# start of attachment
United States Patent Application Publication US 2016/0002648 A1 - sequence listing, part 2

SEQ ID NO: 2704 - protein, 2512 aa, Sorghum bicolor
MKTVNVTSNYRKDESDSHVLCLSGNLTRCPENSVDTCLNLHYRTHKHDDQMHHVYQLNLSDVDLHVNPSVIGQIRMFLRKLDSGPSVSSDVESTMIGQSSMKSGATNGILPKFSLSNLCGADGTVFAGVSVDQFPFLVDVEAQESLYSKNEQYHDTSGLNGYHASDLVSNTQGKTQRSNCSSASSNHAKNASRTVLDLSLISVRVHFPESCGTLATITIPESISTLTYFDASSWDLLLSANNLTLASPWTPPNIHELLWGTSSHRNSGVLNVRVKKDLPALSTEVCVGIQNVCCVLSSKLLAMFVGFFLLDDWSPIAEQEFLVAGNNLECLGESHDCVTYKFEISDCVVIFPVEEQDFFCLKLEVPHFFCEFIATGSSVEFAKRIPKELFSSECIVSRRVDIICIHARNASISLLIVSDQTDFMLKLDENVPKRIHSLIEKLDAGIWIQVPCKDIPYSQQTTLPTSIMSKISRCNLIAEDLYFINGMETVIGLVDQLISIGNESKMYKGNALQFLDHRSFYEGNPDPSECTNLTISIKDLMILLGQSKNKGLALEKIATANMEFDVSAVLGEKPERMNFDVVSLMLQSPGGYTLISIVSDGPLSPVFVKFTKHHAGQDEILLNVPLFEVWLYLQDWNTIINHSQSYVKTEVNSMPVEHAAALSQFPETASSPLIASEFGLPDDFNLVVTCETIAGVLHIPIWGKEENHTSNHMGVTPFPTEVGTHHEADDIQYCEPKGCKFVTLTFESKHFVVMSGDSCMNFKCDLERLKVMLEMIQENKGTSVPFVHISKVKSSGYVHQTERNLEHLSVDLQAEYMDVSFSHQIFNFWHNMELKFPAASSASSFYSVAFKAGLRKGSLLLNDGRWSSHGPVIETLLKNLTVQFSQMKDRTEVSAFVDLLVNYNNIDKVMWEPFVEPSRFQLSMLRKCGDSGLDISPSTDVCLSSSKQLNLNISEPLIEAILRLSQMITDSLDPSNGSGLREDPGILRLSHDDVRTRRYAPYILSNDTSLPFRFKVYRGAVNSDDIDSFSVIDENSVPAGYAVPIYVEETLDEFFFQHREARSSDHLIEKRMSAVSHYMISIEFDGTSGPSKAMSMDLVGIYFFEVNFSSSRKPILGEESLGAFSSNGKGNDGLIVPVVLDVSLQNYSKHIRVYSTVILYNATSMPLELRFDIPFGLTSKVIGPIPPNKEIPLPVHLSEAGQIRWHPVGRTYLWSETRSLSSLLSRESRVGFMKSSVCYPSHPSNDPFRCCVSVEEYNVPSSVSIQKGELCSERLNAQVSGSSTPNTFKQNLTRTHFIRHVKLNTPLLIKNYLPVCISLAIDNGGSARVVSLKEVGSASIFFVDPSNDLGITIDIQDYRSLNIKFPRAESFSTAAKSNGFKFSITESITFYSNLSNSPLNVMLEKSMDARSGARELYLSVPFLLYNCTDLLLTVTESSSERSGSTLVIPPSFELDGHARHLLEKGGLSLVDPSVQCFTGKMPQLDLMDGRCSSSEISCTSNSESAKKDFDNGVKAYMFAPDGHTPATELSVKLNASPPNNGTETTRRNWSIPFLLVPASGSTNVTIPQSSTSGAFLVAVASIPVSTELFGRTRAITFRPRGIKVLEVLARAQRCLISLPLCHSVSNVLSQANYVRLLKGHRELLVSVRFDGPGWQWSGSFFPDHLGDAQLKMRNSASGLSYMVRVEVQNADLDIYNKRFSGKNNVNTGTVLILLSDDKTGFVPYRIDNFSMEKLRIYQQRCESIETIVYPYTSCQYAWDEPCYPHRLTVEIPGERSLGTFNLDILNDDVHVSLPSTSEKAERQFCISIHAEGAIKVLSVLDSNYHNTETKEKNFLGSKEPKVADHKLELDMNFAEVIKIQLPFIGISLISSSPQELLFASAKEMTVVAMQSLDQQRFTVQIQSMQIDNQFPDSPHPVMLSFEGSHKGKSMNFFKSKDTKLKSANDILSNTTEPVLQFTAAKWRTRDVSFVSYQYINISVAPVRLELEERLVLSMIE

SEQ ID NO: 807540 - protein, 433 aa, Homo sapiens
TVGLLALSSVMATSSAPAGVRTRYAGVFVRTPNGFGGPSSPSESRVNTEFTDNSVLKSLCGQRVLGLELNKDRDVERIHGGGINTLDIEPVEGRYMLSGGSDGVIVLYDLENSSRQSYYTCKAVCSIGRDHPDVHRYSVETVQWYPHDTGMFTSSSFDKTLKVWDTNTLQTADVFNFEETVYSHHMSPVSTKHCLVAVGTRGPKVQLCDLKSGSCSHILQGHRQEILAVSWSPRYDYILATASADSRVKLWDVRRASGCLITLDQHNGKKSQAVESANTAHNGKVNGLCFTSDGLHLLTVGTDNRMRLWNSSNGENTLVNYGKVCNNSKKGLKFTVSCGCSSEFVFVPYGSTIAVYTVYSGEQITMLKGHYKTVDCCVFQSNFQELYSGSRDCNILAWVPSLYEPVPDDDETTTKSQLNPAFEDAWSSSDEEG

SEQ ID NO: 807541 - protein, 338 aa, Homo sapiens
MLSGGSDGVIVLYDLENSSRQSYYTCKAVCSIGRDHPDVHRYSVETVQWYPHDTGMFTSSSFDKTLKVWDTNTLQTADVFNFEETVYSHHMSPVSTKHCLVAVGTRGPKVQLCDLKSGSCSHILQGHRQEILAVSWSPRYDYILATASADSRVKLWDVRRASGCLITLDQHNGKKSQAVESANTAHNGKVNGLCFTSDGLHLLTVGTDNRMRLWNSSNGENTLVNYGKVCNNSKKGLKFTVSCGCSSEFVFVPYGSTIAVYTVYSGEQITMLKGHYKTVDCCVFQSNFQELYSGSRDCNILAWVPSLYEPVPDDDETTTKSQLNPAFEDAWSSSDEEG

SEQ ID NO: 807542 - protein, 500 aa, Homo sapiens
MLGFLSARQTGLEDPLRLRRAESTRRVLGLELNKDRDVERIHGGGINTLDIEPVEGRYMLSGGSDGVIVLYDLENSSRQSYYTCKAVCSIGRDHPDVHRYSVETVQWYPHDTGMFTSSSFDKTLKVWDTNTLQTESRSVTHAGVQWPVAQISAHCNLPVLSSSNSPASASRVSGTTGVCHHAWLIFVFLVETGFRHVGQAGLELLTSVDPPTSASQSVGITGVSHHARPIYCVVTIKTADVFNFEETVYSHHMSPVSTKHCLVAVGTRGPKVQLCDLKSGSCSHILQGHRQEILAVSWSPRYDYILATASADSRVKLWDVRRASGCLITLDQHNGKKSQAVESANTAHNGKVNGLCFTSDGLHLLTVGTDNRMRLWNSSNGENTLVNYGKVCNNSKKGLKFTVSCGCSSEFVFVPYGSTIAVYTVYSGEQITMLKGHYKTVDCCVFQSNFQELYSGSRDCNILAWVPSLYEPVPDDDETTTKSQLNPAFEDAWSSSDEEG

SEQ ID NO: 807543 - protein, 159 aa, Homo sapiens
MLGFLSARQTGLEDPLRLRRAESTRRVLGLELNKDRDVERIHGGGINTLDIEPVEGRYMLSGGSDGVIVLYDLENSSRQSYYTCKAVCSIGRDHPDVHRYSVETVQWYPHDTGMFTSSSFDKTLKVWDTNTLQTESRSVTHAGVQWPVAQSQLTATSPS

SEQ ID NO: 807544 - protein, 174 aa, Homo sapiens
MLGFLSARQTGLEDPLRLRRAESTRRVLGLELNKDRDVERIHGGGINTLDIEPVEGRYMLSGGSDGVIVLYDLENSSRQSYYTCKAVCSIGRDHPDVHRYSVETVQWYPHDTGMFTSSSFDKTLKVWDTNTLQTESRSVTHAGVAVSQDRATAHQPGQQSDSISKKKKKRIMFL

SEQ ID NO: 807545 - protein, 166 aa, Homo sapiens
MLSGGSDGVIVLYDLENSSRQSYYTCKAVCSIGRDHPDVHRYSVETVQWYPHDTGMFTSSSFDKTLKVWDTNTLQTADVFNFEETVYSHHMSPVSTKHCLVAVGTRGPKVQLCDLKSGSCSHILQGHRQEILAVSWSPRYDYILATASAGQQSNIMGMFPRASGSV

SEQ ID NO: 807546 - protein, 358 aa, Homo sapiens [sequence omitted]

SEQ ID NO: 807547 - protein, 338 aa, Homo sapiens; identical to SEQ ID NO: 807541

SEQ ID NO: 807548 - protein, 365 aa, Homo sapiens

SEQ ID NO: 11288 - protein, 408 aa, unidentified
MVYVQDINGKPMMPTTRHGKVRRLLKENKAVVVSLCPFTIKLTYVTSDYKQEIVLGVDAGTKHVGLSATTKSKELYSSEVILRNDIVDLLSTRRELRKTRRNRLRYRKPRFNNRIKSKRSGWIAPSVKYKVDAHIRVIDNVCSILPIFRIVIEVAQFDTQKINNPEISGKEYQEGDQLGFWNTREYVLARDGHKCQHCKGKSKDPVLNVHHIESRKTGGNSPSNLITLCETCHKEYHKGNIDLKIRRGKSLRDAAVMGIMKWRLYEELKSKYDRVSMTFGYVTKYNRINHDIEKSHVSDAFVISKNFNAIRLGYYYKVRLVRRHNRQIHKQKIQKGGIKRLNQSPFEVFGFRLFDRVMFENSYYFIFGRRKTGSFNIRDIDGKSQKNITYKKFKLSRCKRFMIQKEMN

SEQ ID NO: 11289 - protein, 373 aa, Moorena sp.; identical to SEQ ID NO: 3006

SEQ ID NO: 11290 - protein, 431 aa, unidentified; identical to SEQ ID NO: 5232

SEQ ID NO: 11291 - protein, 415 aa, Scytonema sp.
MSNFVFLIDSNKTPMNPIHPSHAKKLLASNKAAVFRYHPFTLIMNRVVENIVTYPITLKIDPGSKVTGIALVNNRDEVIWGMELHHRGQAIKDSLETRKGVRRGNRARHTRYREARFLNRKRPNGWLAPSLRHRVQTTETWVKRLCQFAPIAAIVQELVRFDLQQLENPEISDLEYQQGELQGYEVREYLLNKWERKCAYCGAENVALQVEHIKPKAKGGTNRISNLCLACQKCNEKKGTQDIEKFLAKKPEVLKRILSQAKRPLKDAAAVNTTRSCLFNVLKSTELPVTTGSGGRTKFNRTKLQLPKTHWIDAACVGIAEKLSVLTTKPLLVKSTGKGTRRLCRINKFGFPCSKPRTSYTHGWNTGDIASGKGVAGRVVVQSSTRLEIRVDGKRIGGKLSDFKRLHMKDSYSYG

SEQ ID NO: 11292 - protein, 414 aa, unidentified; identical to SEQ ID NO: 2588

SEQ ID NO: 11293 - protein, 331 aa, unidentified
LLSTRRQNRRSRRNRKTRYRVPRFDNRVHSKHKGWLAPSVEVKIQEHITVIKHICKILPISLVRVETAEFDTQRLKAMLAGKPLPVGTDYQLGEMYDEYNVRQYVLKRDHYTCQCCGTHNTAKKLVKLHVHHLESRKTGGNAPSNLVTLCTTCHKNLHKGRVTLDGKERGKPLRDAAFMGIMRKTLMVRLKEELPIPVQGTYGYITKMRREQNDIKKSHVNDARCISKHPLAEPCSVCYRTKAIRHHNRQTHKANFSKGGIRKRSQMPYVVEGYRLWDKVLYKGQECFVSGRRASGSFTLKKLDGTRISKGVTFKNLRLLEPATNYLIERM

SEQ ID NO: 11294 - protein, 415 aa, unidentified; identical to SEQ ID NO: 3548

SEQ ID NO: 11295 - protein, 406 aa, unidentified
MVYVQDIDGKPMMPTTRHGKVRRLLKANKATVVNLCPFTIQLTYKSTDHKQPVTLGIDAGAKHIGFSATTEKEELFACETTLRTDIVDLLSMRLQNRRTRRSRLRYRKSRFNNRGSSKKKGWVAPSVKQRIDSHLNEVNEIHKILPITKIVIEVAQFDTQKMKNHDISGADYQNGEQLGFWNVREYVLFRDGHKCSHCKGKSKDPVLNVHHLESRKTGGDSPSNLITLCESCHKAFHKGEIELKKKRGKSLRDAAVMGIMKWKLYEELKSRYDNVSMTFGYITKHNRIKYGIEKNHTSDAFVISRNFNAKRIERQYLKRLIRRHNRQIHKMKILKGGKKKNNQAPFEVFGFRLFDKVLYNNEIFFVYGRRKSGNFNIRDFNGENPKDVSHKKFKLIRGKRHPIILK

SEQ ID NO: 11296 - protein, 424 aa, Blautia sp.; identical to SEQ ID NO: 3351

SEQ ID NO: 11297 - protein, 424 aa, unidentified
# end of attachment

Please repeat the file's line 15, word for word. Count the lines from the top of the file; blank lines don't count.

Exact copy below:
MLSGGSDGVIVLYDLENSSRQSYYTCKAVCSIGRDHPDVHRYSVETVQWYPHDTGMFTSSSFDKTLKVWDTNTLQTADVFNFEETVYSHHMSPVSTKHCLVAVGTRGPKVQLCDLKSGSCSHILQGHRQEILAVSWSPRYDYILATASAGQQSNIMGMFPRASGSV